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Desire2Learn is at it again. On Monday, the Canadian ed tech company said that it had made its third acquisition of the year with the purchase of Knowillage, a young Vancouver-area adaptive learning startup.
Since launching in 1999, Desire2Learn has offered K-12 schools, colleges and universities an online learning platform that competes with learning management systems like BlackBoard and Moodle. In the past year, the company has been building its profile – first with an $80 million venture capital raise last September (its first since its launch) and, more recently, with a series of acquisitions.
Desire2Learn says it reaches about 750 schools with its software that lets teachers and students digitally share course material, collaborate, complete assignments and communicate in other ways. But the addition of Knowillage (pronounced “knowledge”) will enable it to provide a more personalized learning experience for students, the company said. The companies declined to share financial details but said Knowillage’s team of six would be joining Desire2Learn as part of the acquisition.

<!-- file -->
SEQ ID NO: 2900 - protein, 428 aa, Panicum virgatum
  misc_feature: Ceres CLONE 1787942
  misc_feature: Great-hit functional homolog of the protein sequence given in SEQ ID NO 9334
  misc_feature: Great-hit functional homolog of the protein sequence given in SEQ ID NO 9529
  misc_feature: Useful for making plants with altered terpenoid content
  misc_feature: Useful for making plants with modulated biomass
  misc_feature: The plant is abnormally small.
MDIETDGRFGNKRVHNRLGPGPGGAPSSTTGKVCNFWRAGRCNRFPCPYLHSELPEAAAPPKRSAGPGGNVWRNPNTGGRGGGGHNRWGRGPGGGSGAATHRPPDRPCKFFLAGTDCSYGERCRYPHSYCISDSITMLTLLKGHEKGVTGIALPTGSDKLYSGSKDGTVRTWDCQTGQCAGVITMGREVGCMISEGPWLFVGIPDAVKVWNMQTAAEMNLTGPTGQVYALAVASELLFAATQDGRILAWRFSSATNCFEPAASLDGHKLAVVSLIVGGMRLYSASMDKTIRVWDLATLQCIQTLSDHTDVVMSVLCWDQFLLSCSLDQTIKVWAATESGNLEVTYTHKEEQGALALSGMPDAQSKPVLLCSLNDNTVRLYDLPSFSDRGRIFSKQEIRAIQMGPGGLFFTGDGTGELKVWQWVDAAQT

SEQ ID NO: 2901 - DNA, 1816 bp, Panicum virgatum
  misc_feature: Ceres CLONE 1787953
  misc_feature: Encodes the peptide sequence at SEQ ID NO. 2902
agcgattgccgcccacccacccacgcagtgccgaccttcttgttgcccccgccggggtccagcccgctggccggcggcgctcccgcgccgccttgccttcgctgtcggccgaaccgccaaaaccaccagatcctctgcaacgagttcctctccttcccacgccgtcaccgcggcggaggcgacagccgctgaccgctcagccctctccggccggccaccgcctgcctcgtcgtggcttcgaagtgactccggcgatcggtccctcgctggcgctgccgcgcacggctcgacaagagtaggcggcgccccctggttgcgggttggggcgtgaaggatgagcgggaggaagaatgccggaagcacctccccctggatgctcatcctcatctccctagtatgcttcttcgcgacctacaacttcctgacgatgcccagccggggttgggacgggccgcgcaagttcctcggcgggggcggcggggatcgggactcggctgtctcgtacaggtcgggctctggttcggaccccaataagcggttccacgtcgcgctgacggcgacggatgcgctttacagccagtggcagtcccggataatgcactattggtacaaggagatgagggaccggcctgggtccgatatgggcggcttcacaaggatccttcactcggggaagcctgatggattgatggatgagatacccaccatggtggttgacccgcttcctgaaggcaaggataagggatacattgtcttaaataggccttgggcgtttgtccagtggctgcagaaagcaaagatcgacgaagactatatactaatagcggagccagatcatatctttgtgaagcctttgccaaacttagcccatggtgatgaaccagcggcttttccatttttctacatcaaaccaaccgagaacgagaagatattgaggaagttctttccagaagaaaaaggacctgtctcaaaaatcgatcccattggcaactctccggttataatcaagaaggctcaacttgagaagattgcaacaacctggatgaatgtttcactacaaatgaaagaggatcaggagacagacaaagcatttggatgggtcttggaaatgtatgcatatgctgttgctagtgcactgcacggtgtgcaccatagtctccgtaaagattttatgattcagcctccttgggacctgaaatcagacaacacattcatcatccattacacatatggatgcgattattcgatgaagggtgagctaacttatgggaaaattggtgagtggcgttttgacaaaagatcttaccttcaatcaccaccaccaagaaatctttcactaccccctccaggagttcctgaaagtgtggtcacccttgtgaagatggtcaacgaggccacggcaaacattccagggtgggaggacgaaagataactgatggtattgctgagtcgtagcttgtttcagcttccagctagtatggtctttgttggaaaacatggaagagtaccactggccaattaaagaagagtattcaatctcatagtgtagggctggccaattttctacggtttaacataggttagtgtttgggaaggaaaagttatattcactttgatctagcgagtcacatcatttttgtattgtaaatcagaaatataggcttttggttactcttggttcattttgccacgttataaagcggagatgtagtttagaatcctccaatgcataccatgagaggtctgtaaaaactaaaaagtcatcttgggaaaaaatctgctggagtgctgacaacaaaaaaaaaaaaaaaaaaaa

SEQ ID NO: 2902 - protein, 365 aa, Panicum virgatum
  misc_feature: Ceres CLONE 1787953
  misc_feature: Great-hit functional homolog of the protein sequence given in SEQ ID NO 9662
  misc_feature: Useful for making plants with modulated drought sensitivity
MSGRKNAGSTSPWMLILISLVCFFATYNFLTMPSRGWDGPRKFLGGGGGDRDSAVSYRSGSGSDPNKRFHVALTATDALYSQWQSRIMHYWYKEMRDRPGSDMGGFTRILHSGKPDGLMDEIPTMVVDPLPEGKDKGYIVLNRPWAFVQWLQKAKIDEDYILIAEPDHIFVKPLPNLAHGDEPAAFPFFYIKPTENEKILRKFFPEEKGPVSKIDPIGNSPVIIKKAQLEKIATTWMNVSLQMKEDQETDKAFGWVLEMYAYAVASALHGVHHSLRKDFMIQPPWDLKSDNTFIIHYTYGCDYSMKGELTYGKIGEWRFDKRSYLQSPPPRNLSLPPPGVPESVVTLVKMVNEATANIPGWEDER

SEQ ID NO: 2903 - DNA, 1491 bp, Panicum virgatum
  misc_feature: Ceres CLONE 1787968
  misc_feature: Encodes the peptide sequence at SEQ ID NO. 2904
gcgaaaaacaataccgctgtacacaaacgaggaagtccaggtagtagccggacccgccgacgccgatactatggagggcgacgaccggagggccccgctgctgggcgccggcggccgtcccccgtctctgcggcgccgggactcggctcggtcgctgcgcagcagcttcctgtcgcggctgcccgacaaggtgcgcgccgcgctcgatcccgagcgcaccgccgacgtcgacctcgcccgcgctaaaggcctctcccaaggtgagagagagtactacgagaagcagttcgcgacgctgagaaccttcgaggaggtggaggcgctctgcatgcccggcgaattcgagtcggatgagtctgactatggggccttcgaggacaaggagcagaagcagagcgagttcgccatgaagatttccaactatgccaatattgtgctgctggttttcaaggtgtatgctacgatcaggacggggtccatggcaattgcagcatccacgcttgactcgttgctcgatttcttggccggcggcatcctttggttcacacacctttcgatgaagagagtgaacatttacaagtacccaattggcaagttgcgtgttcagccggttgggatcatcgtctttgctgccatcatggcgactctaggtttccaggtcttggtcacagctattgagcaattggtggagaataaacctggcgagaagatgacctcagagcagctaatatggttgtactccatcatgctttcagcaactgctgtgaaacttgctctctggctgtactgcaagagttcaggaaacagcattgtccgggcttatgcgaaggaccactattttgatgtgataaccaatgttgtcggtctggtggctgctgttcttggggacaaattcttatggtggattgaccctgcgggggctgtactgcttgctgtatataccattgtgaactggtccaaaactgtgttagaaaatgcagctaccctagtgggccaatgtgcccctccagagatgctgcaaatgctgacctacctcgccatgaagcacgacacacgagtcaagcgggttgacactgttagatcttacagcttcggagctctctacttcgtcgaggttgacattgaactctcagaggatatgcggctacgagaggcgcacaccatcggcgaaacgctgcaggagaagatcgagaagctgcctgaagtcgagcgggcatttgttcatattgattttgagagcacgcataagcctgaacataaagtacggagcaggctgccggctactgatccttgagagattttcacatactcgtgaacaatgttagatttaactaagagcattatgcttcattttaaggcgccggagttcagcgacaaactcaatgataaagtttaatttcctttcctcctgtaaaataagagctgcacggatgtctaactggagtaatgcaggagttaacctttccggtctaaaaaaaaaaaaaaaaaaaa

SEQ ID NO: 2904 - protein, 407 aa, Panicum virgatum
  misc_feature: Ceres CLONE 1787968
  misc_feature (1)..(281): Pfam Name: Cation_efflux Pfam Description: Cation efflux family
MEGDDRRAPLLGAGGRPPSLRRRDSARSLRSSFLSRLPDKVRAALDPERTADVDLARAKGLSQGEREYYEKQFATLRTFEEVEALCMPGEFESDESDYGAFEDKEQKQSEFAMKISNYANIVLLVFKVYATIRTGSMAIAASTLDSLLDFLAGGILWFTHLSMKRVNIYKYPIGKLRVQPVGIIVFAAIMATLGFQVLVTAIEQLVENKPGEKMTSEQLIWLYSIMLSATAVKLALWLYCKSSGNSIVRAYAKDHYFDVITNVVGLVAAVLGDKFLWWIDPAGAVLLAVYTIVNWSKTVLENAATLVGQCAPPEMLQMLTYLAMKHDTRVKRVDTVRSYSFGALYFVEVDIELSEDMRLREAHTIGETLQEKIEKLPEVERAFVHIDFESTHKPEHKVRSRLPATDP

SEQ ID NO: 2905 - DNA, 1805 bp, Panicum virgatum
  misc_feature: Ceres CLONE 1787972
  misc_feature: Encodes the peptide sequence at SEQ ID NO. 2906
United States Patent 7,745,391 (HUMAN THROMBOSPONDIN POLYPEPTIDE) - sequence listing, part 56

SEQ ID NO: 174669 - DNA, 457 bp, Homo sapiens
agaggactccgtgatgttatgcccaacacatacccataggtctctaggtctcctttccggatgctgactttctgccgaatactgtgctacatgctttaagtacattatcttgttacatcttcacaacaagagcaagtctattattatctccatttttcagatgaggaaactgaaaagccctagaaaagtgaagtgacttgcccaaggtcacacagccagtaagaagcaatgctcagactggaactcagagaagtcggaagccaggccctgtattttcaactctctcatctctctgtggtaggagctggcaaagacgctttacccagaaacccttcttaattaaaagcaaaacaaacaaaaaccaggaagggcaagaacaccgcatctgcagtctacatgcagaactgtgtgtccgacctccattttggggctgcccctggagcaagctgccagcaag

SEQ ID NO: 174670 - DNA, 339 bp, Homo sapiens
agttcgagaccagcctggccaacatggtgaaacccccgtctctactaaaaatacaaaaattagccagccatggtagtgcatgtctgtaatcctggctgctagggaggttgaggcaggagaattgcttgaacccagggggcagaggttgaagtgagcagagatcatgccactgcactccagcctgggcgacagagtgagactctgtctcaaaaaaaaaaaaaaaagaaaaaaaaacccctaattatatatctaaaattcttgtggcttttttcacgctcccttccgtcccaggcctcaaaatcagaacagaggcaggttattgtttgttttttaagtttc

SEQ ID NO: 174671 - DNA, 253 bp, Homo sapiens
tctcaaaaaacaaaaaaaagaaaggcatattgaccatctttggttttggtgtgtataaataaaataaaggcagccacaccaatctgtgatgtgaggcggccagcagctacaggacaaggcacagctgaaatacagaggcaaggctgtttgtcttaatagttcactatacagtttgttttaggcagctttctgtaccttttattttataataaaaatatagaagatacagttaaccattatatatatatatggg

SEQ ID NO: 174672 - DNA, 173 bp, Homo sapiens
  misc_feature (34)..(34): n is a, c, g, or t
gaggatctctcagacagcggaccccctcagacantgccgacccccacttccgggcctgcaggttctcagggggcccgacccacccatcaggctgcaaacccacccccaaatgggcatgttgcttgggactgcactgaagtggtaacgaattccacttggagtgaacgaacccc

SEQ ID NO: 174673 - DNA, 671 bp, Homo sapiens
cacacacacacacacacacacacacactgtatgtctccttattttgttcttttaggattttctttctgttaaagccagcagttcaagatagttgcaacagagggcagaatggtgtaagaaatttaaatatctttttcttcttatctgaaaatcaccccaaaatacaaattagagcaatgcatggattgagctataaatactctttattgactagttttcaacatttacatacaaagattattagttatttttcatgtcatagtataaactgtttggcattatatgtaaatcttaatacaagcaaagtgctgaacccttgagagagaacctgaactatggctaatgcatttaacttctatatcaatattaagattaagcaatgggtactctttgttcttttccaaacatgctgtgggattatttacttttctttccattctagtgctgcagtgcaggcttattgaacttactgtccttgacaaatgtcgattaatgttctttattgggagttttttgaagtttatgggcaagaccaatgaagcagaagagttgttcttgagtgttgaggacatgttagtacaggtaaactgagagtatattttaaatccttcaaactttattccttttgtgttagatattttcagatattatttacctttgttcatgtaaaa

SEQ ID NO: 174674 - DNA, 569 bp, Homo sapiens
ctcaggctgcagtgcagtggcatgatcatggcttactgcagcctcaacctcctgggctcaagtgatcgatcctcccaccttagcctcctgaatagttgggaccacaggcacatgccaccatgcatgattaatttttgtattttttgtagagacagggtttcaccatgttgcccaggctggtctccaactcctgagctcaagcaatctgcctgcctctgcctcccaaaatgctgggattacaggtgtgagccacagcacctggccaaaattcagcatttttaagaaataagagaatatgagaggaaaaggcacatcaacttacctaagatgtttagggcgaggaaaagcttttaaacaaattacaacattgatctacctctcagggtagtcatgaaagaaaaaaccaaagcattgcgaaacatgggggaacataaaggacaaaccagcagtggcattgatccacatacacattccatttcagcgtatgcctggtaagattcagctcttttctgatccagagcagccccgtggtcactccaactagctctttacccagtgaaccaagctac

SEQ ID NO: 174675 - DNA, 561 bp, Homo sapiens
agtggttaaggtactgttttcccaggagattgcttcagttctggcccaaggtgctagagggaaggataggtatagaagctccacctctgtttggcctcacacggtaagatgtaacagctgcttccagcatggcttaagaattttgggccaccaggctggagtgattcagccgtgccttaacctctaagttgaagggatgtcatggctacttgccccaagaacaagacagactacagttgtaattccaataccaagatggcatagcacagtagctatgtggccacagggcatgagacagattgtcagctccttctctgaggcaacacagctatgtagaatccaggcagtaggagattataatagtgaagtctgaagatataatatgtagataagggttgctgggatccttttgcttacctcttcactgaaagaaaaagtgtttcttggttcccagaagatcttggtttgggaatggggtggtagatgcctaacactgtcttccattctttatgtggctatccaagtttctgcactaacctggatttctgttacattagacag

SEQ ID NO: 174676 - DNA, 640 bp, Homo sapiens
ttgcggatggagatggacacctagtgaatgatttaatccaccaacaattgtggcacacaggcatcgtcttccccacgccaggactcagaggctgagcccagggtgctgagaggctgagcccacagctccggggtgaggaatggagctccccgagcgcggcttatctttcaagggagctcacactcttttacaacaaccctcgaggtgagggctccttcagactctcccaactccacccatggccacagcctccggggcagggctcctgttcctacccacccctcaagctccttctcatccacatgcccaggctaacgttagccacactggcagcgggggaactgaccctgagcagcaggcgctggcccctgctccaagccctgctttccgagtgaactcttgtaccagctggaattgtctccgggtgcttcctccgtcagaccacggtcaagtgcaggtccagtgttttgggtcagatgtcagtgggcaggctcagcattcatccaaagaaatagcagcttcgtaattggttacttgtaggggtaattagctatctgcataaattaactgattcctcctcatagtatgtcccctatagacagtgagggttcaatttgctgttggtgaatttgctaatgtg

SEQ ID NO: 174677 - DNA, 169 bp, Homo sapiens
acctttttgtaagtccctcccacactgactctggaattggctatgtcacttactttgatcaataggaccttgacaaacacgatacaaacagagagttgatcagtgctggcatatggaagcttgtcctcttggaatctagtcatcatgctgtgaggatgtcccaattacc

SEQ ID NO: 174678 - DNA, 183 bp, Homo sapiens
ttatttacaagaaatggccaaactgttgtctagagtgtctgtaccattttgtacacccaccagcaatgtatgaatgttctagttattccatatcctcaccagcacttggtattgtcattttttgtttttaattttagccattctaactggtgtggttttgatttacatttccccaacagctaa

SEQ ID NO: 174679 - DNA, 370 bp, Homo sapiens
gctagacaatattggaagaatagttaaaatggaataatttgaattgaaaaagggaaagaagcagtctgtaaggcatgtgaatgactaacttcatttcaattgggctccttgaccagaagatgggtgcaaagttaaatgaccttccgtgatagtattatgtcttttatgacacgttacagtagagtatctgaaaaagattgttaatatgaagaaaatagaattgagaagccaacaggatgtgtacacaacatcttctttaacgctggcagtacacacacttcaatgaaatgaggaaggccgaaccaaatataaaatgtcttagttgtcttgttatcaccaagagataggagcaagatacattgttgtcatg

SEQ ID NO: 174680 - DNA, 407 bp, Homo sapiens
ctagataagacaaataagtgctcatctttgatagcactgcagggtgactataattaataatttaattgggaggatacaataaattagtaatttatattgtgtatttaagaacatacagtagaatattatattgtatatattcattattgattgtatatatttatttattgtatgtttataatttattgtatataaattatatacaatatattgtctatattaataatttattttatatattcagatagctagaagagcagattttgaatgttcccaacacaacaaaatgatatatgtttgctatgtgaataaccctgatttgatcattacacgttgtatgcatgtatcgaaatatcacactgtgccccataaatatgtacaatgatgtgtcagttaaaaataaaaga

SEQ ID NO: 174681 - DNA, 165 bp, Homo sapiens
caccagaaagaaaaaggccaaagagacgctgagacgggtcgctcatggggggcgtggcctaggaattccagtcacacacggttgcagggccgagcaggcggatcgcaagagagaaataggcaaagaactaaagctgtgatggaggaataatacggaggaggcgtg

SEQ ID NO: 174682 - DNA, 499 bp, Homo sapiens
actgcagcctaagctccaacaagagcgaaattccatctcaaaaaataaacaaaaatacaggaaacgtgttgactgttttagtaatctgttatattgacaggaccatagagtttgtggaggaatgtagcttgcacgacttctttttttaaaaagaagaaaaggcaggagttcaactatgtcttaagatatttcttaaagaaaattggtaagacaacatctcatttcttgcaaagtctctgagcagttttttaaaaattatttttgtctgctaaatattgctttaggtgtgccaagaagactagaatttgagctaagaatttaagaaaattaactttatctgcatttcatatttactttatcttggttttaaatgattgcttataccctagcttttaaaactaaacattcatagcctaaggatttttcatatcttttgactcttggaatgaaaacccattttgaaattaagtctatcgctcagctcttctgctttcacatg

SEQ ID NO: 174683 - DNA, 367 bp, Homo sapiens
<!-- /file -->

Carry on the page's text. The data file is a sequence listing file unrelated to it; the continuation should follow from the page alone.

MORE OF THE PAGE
Using a semantic search engine, Jeff McDowell, Desire2Learn’s vice president of marketing and business development, said the system is able to analyze any piece of content – from textbooks to Wikipedia to professor-created case studies – and then map it against instructors’ grading rubrics and data reflecting students’ learning needs.
“The system will pick up early warning signs of where the learner is having trouble and then find pieces of content that can be assigned to the learner to help them master that competency on a continually-assessed basis,” McDowell told me ahead of the announcement.
As we’ve reported, “adaptive learning” has become a big buzz word in ed tech, with several companies touting the benefits of their “personalized learning” systems. New York-based Knewton, which partners with several leading K-12 and higher education publishers like Pearson and Macmillan Education, takes an algorithmic approach to delivering the content to students that matches their learning needs. Publishing giants like McGraw-Hill, which purchased its own adaptive learning startup ALEKS earlier this summer, as well as startups like Boundless Learning also offer digital learning products that claim to adapt to students’ mastery levels and deficits.
McDowell said Knowillage can be used with any kind of content a school may be using and can be integrated with any learning management system (LMS), even those from competitors. The startup, which was launched last year by several former employees of publishing giant Pearson, had not raised any outside funding.